Save Lowell High got organized because we believe that given the choice, Lowell’s voters would weigh the evidence and choose to build the new high school downtown. Lowell’s School Building Committee, and more recently the City Council, have spent years working with outside experts and city staff to create numerous reports detailing the expected timelines and costs of the different options for a new Lowell High School. We took out the most relevant information from those reports, to lay out the facts on the costs and impact on students of the different options. These reports are all available on the School Building Committee’s website.
This is the cost for the Cawley and Downtown options that was given to the City Council in June. The options that are being debated now are Option #3 for the downtown location, and either the the 4 story or 5 story Cawley options.
That table is not a complete picture of the costs to build a new high school. Option #3 and Cawley both have additional costs.
Cawley has significant additional costs according to a report released October 18th by Lowell’s CFO Conor Baldwin:
1. $1.97 million (park improvements)
2. $1.2 million (traffic signalization)
3. $500,000 (roadway improvements for traffic)
4. $1,054,500 (sidewalk improvements)
5. $5 million (sewer improvements)
6. $1.3 million (water improvements)
In addition to these capital costs, Baldwin wrote in his report “busing is projected to cost anywhere from $0 to $3.2 million, annually. The numbers at this time cannot be refined down to a more definitive cost until certain decisions are made in regards to potential new bell schedules and bus routes, city-wide.”
Option #3 also has an additional cost: it requires using eminent domain for the dentists’ office at 75 Arcand Dr, which the city estimates will cost $2 million. The infrastructure is already in place to support a high school at the location, according to a report written by the city’s transportation engineer:
As previously mentioned the Downtown LHS site has no negative impacts on traffic due to the existing transportation infrastructure and services. The City has already invested over a million dollars upgrading traffic signals in the downtown area. Recently, video detection and advanced controllers were installed at the Merrimack Street/Dutton Street intersection. Also, design has commenced on a full replacement of the traffic signals at French Street and Bridge Street intersection. In addition to traffic improvements, the City has also invested in sidewalk and bike lane infrastructure around downtown. Other services available include parking garages near the high school and LRTA busing service.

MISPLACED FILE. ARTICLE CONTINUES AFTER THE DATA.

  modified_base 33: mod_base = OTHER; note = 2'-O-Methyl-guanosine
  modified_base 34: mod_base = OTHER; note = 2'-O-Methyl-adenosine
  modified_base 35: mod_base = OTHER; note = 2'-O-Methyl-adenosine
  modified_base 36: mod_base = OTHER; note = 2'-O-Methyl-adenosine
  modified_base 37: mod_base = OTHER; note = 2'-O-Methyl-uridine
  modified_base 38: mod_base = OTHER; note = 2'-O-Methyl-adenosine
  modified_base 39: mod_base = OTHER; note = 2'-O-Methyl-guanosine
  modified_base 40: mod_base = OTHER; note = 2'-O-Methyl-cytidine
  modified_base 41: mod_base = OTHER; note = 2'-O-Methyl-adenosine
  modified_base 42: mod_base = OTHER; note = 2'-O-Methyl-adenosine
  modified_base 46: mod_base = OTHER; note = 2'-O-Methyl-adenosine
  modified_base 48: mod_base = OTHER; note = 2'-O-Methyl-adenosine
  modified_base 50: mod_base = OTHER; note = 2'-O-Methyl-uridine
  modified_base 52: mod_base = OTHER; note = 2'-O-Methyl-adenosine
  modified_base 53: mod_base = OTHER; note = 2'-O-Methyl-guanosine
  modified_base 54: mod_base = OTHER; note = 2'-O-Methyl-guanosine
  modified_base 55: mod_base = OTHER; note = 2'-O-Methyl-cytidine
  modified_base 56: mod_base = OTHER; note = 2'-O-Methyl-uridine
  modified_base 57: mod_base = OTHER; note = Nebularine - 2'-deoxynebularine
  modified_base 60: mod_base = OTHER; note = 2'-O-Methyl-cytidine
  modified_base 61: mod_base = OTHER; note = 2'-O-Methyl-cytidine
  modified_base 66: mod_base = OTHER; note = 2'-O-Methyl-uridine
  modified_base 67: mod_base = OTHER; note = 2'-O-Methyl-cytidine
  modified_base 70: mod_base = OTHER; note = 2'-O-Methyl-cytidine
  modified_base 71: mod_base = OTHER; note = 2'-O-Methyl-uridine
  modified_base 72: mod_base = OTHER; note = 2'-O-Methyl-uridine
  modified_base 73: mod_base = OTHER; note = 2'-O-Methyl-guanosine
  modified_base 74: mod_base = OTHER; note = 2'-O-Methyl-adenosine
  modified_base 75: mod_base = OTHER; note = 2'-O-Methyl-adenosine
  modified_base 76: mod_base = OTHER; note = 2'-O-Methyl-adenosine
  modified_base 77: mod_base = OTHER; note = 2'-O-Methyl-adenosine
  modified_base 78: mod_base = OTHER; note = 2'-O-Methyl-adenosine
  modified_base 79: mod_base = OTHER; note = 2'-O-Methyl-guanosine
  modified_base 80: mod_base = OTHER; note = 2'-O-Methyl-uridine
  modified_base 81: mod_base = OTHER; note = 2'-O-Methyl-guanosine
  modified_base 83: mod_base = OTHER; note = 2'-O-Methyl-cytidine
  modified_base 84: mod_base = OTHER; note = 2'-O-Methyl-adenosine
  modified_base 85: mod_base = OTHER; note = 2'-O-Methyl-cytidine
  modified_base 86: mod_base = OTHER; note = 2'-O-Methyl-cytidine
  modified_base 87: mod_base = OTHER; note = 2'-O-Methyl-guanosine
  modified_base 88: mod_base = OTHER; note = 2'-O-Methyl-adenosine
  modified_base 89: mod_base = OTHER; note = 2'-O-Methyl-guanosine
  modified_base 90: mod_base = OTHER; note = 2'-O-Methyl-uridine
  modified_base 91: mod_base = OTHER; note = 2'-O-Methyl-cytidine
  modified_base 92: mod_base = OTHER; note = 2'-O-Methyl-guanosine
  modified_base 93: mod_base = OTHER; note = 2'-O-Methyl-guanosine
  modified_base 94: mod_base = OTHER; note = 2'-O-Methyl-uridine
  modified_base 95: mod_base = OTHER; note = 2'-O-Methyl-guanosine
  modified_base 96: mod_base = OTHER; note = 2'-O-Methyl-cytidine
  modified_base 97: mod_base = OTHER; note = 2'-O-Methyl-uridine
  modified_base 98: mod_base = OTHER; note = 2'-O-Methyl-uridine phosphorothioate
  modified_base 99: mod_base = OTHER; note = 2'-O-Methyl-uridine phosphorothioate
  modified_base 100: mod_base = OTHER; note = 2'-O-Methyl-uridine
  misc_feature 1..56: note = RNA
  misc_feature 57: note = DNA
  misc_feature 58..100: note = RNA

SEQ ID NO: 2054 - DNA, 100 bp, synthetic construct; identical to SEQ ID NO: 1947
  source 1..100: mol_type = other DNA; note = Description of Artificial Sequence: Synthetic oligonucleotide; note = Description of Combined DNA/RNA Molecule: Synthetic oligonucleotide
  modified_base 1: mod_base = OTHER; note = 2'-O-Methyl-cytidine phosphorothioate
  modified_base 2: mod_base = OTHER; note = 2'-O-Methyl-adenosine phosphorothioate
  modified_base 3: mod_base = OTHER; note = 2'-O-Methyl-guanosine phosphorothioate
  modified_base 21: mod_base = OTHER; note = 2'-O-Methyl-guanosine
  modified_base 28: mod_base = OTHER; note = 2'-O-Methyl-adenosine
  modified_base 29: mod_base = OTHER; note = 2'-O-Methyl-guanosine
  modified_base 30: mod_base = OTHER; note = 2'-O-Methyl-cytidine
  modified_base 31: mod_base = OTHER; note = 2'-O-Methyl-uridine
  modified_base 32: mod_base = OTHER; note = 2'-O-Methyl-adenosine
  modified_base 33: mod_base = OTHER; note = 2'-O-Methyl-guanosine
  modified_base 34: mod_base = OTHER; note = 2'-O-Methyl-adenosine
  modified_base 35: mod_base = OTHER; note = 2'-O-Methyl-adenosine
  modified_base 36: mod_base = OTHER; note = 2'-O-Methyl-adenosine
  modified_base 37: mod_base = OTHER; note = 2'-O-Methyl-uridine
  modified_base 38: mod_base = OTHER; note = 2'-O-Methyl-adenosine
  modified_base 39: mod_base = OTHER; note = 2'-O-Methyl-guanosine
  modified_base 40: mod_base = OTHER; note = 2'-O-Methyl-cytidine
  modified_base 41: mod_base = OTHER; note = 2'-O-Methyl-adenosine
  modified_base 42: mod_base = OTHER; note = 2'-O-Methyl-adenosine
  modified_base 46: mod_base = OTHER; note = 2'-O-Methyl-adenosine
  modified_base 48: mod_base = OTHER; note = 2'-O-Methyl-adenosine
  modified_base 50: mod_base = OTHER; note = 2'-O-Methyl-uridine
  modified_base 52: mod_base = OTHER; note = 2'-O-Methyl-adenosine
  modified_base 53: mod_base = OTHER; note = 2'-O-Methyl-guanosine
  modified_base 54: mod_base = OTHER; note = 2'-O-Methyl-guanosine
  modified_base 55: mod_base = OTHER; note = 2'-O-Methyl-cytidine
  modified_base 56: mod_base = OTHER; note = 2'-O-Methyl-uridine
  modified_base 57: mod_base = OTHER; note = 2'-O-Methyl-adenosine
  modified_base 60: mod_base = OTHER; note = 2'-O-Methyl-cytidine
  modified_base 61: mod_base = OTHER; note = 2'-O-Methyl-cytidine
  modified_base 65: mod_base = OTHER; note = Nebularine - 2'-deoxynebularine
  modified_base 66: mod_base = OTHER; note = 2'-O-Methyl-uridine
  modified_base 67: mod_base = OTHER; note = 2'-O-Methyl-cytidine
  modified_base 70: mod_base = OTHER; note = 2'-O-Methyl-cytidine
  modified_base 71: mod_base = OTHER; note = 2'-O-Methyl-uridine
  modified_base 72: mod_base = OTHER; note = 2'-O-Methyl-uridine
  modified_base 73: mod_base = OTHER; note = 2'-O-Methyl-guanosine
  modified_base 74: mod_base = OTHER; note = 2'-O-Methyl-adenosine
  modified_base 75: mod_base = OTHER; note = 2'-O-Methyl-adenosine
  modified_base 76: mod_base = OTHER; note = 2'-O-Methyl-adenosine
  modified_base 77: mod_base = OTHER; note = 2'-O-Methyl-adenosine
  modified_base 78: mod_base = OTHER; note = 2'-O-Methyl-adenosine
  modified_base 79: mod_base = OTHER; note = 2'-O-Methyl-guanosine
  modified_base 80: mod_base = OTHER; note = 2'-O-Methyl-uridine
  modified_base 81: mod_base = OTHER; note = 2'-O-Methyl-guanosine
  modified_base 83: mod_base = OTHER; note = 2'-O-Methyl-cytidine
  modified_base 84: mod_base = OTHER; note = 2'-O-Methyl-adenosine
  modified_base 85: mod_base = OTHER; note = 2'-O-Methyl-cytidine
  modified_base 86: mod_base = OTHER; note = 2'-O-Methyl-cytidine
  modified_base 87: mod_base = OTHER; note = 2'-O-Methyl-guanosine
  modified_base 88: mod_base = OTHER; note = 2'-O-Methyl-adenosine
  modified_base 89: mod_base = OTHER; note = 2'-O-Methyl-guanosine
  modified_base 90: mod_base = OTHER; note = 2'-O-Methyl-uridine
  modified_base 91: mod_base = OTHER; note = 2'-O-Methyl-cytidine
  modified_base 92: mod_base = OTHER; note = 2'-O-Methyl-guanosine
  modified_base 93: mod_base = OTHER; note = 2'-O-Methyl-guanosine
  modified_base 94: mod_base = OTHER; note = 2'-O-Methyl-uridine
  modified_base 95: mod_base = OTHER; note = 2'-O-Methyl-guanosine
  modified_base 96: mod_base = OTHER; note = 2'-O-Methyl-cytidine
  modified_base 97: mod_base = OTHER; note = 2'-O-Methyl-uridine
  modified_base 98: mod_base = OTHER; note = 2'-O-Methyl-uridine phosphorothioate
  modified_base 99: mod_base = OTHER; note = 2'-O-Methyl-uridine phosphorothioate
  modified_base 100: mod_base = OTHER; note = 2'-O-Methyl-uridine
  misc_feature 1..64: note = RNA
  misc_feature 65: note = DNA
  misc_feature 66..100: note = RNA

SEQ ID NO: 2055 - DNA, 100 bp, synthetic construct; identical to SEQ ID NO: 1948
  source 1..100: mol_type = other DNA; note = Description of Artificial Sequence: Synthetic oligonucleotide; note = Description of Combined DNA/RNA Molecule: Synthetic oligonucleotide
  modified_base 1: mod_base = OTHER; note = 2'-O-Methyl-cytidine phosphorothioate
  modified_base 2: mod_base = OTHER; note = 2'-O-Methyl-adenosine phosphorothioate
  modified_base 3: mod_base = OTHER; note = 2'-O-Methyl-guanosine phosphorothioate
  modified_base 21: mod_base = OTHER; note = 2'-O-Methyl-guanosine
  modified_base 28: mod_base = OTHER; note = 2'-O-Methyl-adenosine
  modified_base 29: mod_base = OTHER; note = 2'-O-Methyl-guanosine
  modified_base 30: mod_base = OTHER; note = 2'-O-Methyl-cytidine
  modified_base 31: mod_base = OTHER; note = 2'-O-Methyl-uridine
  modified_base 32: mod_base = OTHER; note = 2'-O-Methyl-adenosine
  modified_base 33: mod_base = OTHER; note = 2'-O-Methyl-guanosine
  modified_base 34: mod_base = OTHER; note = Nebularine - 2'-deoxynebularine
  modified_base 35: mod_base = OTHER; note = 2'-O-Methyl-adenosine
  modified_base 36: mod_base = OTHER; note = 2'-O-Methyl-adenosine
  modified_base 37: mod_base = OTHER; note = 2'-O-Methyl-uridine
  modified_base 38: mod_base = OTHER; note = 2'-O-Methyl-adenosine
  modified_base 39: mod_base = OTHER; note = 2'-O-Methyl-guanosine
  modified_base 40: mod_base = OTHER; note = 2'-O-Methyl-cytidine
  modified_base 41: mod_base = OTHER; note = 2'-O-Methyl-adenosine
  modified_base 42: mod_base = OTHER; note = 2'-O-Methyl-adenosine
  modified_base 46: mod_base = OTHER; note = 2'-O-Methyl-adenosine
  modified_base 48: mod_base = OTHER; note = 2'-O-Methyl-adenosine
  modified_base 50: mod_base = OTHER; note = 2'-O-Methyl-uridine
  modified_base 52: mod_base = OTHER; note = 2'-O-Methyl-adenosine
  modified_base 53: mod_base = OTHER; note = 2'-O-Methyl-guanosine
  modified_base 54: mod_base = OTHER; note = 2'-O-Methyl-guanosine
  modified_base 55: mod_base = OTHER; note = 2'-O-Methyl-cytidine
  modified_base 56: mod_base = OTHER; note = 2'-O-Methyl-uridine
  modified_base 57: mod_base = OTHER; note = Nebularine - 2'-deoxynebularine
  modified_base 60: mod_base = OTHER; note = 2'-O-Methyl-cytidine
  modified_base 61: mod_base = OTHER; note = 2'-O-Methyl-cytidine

The Lowell Sun had a great run-down of hazardous materials at the two sites:
Soil tests at the current high school site and Cawley Stadium came back positive for heavy metals and other contaminants, according to Stephen Vetere, of Nobis Engineering. The results are not unusual for urban sites, he said. The contamination will mean increased costs for remediation but should not substantially affect construction at either location.
Hazardous material testing inside the current high school, performed by Universal Environmental Consultants, showed the presence of asbestos, mercury, and other materials, but nothing that presented a serious impediment to renovating the school. A representative of the company estimated that, in a worst-case scenario, it would cost $4.2 million to abate the materials.
You can read the complete report from Universal Environmental Consultants in the Preferred Schematic Design Submission.
IMPACT ON STUDENTS
The current high school location allows over 1/3 of Lowell High students to walk to class. Official estimates indicate that just 7-10% of students would be able to walk to the Cawley Stadium site – approximately 245 to 350 students. According to the city’s report:
The neighborhoods located around the downtown have high concentrations of low income, minority, and low-English proficiency populations residing in the Acre, Lower Belvidere, Centralville, Lower Highlands, Back Central and Downtown neighborhoods. Over 17% of households in the City of Lowell do not have access to a vehicle, and depend on biking, walking and transit for transportation . . . Regardless of age, language, ethnicity, income or ability residents from these neighborhoods have equitable access to everything the city of Lowell has to offer because they can easily walk, bike, or ride a bus to the downtown core. These efforts are evident by the existing mode share of the downtown high school . . . two third[s] (63%) of high school students walk or ride LRTA home from the high school.
Do you still have questions after reading this? Send us an email at [email protected] and we’ll work on getting an answer up on this page.